Winton Place Methodist Episcopal Church

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Winton Place Methodist Episcopal Church
Winton Place Methodist Episcopal Church front.jpg
Front of the church
Winton Place Methodist Episcopal Church is located in Ohio
Winton Place Methodist Episcopal Church
Location 700 E. Epworth Ave., Cincinnati, Ohio
Coordinates 39°10′24″N 84°30′59″W / 39.17333°N 84.51639°W / 39.17333; -84.51639Coordinates: 39°10′24″N 84°30′59″W / 39.17333°N 84.51639°W / 39.17333; -84.51639
Area Less than 1 acre (0.40 ha)
Built 1884
Architect Samuel Hannaford
Architectural style Romanesque Revival
Governing body Private
MPS Samuel Hannaford and Sons TR in Hamilton County
NRHP Reference # 80003091[1]
Added to NRHP March 3, 1980

The Winton Place Methodist Episcopal Church is a historic church building in the Winton Place neighborhood of Cincinnati, Ohio, United States that was constructed as the home of a congregation of the Methodist Episcopal Church in the late nineteenth century. The congregation grew out of a group that was founded in 1856; although the members erected their first building in 1860, they were not officially organized until 1872. Among the leading members of the congregation was Samuel Hannaford, a prominent Cincinnati architect. When the congregation chose to build a new church building in 1884, Hannaford was chosen as the architect for the project.[2] At this time, Hannaford was near to the peak of his prestige: he had ended a partnership with another architect seven years before, and his reputation was growing with his designs of significant Cincinnati-area buildings such as the Cincinnati Music Hall.[3]:11

Hannaford's design was a stone building, one-and-one-half stories tall;[2] its foundation is constructed of limestone,[4] laid in ashlar blocks,[2] while its roof is composed of slates.[4] It is predominately a Romanesque Revival structure, with certain elements that resemble the Richardsonian Romanesque style.[3]:6 Among the most distinctive elements of its facade is a large Romanesque Revival arch above the entrance. Other Romanesque Revival details include three arcaded windows with columns, plus a large octagonal tower on the southeastern corner of the building, which features a belfry, narrow windows, and a steep slate roof.[2]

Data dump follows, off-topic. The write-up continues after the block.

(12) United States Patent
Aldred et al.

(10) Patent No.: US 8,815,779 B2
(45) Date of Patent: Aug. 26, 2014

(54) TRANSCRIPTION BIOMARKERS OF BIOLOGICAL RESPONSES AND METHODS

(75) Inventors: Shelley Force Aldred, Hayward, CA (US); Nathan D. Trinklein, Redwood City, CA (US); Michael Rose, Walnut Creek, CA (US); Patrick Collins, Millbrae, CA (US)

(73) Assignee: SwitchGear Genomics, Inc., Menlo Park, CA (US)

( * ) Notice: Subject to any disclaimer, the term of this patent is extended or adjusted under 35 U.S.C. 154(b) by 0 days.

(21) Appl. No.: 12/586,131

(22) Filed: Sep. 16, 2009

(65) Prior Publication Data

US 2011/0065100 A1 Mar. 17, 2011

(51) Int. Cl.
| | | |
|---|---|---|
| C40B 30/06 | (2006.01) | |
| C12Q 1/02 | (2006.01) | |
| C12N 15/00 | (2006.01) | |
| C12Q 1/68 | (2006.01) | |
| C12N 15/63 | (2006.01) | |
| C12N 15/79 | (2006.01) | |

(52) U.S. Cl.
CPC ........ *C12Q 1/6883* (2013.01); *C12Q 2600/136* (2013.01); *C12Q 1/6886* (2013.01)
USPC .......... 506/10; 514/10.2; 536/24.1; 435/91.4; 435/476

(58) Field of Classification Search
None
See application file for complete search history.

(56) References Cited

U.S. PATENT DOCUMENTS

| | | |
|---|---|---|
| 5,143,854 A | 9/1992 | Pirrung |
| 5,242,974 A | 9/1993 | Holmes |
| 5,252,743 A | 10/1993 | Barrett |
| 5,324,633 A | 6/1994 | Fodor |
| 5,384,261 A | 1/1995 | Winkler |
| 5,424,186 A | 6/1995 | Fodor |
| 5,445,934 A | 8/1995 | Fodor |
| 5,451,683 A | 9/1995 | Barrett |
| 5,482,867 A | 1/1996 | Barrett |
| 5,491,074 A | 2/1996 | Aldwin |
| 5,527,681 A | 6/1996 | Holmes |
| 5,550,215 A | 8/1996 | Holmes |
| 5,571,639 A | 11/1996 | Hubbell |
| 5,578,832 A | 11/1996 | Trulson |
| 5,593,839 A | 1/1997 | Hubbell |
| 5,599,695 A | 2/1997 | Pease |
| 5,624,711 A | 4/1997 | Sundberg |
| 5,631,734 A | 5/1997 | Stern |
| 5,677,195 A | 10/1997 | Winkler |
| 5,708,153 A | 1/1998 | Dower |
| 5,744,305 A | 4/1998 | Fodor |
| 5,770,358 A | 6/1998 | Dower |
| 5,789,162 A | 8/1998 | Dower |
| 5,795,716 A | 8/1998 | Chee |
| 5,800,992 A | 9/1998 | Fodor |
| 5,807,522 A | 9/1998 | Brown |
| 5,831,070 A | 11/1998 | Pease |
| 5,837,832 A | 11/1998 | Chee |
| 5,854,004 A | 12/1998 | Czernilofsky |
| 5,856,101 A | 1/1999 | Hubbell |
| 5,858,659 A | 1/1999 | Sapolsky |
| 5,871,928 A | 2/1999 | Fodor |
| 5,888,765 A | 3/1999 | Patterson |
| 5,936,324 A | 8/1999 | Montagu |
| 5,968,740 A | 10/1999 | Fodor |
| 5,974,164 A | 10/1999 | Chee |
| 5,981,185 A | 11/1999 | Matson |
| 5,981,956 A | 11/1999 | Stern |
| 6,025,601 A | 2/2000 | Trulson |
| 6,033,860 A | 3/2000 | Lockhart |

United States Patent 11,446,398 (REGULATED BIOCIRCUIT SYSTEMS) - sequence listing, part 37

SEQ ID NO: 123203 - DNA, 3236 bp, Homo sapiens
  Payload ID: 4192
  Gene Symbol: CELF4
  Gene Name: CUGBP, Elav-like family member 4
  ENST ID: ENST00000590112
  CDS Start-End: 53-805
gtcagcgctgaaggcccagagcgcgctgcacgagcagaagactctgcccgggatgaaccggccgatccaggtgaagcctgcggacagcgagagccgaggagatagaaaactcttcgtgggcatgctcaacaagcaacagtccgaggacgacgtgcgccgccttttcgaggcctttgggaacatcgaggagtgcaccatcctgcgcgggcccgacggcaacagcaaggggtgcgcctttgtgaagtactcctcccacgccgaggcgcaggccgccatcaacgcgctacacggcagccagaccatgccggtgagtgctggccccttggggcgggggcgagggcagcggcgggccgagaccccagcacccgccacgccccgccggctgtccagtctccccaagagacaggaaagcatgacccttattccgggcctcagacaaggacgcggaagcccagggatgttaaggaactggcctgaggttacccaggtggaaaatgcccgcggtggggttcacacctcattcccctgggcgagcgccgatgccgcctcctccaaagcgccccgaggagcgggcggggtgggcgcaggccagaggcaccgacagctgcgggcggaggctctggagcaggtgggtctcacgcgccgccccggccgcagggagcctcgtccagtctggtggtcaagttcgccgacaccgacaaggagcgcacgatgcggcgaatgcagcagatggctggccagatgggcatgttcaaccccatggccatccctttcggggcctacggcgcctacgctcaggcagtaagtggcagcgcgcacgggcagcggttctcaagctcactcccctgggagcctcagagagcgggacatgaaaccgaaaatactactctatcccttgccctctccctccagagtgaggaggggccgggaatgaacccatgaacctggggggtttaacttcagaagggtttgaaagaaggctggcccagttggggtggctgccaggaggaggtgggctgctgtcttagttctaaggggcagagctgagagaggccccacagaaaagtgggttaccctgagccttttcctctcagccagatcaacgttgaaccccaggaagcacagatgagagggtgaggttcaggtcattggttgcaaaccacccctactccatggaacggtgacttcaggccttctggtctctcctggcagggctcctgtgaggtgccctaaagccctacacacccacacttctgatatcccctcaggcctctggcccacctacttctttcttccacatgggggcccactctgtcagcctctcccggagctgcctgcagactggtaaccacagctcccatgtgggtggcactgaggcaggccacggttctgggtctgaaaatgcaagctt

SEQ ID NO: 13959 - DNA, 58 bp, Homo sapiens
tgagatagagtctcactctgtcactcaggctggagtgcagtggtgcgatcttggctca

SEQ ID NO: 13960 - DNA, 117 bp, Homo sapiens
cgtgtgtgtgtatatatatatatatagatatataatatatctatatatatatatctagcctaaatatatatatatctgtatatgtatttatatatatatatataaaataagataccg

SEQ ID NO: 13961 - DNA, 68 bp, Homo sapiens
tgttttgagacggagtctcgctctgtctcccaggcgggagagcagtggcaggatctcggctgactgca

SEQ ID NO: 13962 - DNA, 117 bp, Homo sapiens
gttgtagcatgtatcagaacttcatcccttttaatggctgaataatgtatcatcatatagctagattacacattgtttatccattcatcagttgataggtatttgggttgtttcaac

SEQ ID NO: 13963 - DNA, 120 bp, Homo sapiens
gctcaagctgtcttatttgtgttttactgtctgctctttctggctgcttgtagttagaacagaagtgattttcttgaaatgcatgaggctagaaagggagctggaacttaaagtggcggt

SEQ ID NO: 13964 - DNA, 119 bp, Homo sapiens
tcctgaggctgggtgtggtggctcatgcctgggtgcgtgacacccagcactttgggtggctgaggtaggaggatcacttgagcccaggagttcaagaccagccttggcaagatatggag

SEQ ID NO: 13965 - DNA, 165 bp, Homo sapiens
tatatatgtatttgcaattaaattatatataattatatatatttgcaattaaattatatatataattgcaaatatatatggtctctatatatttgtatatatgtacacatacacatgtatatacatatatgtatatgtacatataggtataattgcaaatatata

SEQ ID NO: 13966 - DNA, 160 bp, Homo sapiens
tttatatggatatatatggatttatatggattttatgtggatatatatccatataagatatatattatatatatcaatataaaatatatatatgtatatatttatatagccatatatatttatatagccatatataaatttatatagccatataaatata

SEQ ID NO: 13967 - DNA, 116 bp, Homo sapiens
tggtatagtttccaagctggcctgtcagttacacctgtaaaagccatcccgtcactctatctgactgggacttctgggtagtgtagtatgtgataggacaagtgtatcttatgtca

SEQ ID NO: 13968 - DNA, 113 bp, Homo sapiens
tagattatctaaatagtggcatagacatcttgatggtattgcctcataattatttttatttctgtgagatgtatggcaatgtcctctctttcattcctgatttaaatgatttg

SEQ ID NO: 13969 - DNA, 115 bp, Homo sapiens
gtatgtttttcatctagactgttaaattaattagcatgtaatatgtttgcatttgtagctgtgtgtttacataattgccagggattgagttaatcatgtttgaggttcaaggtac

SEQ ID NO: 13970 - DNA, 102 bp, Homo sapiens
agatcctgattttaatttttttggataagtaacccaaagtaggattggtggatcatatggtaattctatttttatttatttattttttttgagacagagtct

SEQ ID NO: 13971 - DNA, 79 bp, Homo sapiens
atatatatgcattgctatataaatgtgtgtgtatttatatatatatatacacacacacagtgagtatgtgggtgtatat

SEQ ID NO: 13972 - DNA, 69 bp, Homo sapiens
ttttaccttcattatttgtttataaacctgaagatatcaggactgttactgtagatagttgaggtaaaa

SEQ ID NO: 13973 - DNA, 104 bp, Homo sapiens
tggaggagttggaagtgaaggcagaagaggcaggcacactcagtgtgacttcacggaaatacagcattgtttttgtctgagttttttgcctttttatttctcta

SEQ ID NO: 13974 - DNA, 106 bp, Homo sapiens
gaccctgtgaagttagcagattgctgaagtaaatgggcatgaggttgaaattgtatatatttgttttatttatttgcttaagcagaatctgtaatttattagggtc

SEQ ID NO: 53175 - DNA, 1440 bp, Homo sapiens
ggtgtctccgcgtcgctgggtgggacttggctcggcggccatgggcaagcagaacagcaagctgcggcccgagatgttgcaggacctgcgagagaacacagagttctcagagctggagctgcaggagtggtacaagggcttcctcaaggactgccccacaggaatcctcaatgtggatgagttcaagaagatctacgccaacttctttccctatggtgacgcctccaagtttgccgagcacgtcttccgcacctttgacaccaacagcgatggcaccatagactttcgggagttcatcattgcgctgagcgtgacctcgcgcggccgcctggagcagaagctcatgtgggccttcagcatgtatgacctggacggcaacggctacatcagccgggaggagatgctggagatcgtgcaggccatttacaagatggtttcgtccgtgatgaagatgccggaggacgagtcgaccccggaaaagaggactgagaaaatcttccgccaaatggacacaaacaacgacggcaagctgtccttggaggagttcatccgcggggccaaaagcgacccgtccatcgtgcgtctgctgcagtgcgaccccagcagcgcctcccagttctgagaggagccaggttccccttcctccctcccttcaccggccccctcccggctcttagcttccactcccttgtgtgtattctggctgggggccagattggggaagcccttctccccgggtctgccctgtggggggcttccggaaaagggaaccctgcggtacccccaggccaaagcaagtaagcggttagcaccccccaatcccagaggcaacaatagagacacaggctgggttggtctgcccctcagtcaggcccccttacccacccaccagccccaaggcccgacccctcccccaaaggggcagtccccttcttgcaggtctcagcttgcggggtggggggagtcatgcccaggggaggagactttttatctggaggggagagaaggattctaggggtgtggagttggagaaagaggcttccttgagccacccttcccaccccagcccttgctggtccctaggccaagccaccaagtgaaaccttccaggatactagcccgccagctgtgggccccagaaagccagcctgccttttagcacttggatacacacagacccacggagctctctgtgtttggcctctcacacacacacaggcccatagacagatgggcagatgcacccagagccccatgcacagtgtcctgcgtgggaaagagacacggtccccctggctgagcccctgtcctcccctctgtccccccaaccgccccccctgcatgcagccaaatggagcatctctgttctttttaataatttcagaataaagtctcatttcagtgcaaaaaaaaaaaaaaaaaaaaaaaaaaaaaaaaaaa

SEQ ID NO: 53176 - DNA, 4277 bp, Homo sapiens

Two of the most important events in the history of this church building occurred after Hannaford's death. Soon after he died on January 7, 1911, his funeral was held in the church,[3]:11 and thirteen years later, the building was expanded.[3]:6

Early in March 1980, the Winton Place Methodist Episcopal Church was listed on the National Register of Historic Places.[1] Seven other Cincinnati-area church buildings designed by Hannaford, as well as dozens of other structures in the city, were listed on the National Register at the same time as part of a multiple property submission.[3]:3 Today, the church building is no longer used by any congregation of the large United Methodist Church: it is now the home of the Winton Community Free Methodist Church.[5]


  1. ^ a b "National Register Information System". National Register of Historic Places. National Park Service. 2009-03-13. 
  2. ^ a b c d Owen, Lorrie K., ed. Dictionary of Ohio Historic Places. Vol. 1. St. Clair Shores: Somerset, 1999, 691.
  3. ^ a b c d e Gordon, Stephen C., and Elisabeth H. Tuttle. National Register of Historic Places Inventory/Nomination: Samuel Hannaford & Sons Thematic Resources. National Park Service, 1978-12-11. Accessed 2010-10-14.
  4. ^ a b Winton Place Methodist Episcopal Church, Ohio Historical Society, 2007. Accessed 2010-10-14.
  5. ^ About Spring Grove Village|Spring Grove Village, Spring Grove Village, 2008. Accessed 2010-10-14.

External links[edit]

Media related to Winton Place Methodist Episcopal Church at Wikimedia Commons